What’s in the bottle might be the same but what’s outside the bottle is different for everyone.
Been to a pub or bar lately? Or have you just been enjoying the occasional pint at home? No matter where you get your drink on, the marketplace is full of fancy bottles, exotic flavours and eye catchy labels. So what distinguishes one brand from the other? What makes a person choose one beer over the other? It could be the taste, the brand, the price or an emotional attachment or a mix of everything. The big question for marketers is “How do you stand out in a fiercely competitive space that is saturated by global giants?”
In this article we take a look at how alcohol consumption has changed in recent months and how brands can capitalize on the changing market with insights from industry expert Chris Maffeo.
How has alcohol consumption changed in the past year?
Before we go further lets understand what is the difference between on-trade and off-trade sales in the alcohol industry. The off-trade market includes all retail outlets like hypermarkets, supermarkets, convenience stores, mini markets, kiosks, wines & spirits shops etc. The on-trade market consists of outlets like bars, restaurants, coffee shops, clubs, hotels etc.
A survey done by the IAS shows that alcohol consumption in the UK has increased since lockdowns were in place. While the on-trade industry faces many challenges this year with the world moving more and more towards off-trade alcohol consumption and making their own cocktails at home. In the UK a large part of beer sales happened in the off-trade sector even prior to the pandemic. The off trade sales increase was further supplemented by the fact that consumers were forced to watch sporting events from the comfort of their homes as opposed to public places due to the ongoing pandemic.
Last year saw a huge decline in alcohol sales, especially on-trade sales. With on-trade beer sales making up nearly as much as 70% of total sales prior to the pandemic in some European countries, this represents a huge loss in revenue from on-trade sales. However, there may be a silver lining. This shift in channels also presents a huge opportunity in the off-trade sector. So how can beer companies adapt to this ever-changing environment?
What do consumers want when buying beer?
As can be seen from the picture above, taste is the top three most important factors for consumers to choose a beer are Taste, Price and Style of beer. While all major manufacturers have mastered brewing beer with impeccable taste and pricing it to maximize sales, it is the styling of the product and brand that could make a huge difference for a consumer.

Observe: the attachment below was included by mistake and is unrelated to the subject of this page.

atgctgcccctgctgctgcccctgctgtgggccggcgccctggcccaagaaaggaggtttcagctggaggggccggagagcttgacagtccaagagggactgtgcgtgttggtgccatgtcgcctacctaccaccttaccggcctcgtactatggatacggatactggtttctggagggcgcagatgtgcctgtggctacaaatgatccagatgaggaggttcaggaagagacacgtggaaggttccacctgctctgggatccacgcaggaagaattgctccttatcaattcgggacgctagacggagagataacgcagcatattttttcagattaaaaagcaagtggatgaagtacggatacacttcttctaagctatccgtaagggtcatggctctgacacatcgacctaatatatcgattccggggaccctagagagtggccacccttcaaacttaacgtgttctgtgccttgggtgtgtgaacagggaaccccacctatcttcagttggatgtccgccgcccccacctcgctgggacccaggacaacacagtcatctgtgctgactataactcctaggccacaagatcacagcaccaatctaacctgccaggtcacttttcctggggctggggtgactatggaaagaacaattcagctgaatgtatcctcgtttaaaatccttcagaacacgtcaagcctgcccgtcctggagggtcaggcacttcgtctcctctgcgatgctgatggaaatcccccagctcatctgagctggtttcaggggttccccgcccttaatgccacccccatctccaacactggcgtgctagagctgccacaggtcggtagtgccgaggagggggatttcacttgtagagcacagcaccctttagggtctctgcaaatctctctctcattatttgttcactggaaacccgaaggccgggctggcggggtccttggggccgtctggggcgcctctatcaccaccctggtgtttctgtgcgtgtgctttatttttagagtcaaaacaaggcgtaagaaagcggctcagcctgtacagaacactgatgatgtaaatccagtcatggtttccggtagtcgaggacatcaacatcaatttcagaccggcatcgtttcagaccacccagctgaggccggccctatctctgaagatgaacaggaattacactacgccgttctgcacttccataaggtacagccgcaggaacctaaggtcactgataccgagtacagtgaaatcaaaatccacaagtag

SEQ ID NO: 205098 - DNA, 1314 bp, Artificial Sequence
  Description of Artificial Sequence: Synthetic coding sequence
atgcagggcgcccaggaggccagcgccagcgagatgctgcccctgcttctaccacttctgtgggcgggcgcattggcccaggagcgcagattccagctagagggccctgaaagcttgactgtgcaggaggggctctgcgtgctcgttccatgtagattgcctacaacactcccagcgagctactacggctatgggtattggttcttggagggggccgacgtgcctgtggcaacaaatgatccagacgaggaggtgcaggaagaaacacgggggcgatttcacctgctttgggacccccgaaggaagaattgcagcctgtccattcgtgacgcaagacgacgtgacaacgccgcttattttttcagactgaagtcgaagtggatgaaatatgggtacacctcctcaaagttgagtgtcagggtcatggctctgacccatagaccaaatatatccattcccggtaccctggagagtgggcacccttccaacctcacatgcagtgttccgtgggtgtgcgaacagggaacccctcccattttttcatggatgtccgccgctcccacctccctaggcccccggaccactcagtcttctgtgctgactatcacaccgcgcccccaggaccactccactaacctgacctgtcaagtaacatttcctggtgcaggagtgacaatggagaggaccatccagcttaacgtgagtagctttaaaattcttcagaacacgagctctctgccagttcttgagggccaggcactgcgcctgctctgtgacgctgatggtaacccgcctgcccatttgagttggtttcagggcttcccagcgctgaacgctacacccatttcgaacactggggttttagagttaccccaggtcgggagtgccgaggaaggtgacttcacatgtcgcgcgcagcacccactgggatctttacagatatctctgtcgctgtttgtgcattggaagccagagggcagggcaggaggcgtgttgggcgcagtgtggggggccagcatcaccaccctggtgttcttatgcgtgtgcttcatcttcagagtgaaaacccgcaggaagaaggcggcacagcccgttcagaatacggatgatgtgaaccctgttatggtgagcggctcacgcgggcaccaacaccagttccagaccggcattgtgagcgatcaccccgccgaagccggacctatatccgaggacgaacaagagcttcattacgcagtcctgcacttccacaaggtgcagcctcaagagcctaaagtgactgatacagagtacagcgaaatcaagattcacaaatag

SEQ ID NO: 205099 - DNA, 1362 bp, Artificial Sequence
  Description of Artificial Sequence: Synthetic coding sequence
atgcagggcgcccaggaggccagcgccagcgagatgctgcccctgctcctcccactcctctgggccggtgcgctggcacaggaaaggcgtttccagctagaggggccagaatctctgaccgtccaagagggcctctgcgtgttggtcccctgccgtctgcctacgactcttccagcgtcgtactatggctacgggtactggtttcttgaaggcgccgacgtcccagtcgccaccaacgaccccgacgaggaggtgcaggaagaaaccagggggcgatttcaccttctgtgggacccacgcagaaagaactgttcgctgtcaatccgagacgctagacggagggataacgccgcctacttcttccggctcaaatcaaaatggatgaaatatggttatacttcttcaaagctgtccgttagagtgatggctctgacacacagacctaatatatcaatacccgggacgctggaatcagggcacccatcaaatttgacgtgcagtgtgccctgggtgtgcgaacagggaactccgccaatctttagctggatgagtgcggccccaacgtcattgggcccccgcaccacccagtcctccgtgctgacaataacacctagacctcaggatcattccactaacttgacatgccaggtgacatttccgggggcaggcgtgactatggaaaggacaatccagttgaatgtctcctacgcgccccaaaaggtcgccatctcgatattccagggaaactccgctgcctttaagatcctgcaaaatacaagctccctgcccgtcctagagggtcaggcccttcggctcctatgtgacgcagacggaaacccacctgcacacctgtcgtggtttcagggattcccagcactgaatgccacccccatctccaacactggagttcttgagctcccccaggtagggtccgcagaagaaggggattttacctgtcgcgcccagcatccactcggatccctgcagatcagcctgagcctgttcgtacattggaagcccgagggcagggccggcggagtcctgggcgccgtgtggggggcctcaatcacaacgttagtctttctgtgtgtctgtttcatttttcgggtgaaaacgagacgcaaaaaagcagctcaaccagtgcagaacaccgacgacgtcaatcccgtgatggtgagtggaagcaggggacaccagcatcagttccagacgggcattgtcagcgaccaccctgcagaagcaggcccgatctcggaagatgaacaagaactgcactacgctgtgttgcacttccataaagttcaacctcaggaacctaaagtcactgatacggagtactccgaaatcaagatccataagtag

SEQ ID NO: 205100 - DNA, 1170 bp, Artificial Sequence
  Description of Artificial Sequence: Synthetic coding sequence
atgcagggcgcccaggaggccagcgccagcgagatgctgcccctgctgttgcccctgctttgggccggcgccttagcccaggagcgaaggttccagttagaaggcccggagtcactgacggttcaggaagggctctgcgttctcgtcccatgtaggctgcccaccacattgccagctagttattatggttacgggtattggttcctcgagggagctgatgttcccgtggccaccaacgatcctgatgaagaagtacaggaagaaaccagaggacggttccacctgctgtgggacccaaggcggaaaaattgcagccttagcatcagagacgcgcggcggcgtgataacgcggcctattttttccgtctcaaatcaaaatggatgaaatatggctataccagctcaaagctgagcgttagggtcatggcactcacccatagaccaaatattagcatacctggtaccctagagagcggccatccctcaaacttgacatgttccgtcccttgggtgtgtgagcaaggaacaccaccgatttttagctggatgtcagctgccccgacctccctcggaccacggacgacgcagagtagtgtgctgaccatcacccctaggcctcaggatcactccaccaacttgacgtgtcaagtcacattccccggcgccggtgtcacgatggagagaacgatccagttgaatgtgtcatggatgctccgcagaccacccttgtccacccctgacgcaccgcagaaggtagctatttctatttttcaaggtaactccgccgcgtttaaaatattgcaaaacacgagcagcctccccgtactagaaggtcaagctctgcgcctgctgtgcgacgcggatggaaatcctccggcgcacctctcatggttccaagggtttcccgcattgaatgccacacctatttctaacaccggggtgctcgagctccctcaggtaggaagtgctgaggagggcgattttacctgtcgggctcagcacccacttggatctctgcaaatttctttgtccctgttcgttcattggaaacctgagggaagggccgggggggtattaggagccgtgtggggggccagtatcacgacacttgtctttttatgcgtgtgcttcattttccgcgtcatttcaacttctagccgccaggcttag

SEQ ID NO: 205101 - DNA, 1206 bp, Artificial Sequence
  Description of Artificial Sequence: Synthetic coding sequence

So how does a beer company style and present itself in a way that distinguishes it from the competition? Let’s have a look at one of our most famous clients, a brand close to our home and hearts Staropramen. Staropramen’s Czech origin, long brewing tradition and storied heritage make it attractive for consumers all over the world as can be seen here Staropramen’s Historical Stories to the World. The current Staropramen campaign focuses on the history and tradition of the brewery, celebrating “150 years of moments”.
We also had the opportunity to work with Staropramen in creating a unique campaign for the Czech market. By using the positive feelings that the city of Prague arouses in consumers’ minds, our solution was to establish Staropramen as the beer that embodies the “Spirit of Prague.” Our “Legends of Prague” TV campaign showcased some of the many magical stories of the city, and gave them an interesting and uplifting modern twist.
Watch the TV spot below!
How can beer companies market their products better?
Offering interesting off-trade experiences to customers
As most sales these days are happening off-trade, customers need to see your brand above the others in order to make a purchase. There are a number of ways this can be achieved. For example: free tastings, innovative and creative displays, bundling your beer with foods that would go along well and of course limited time discounts are all easy ways to make sure the next purchased can of beer is from your brand.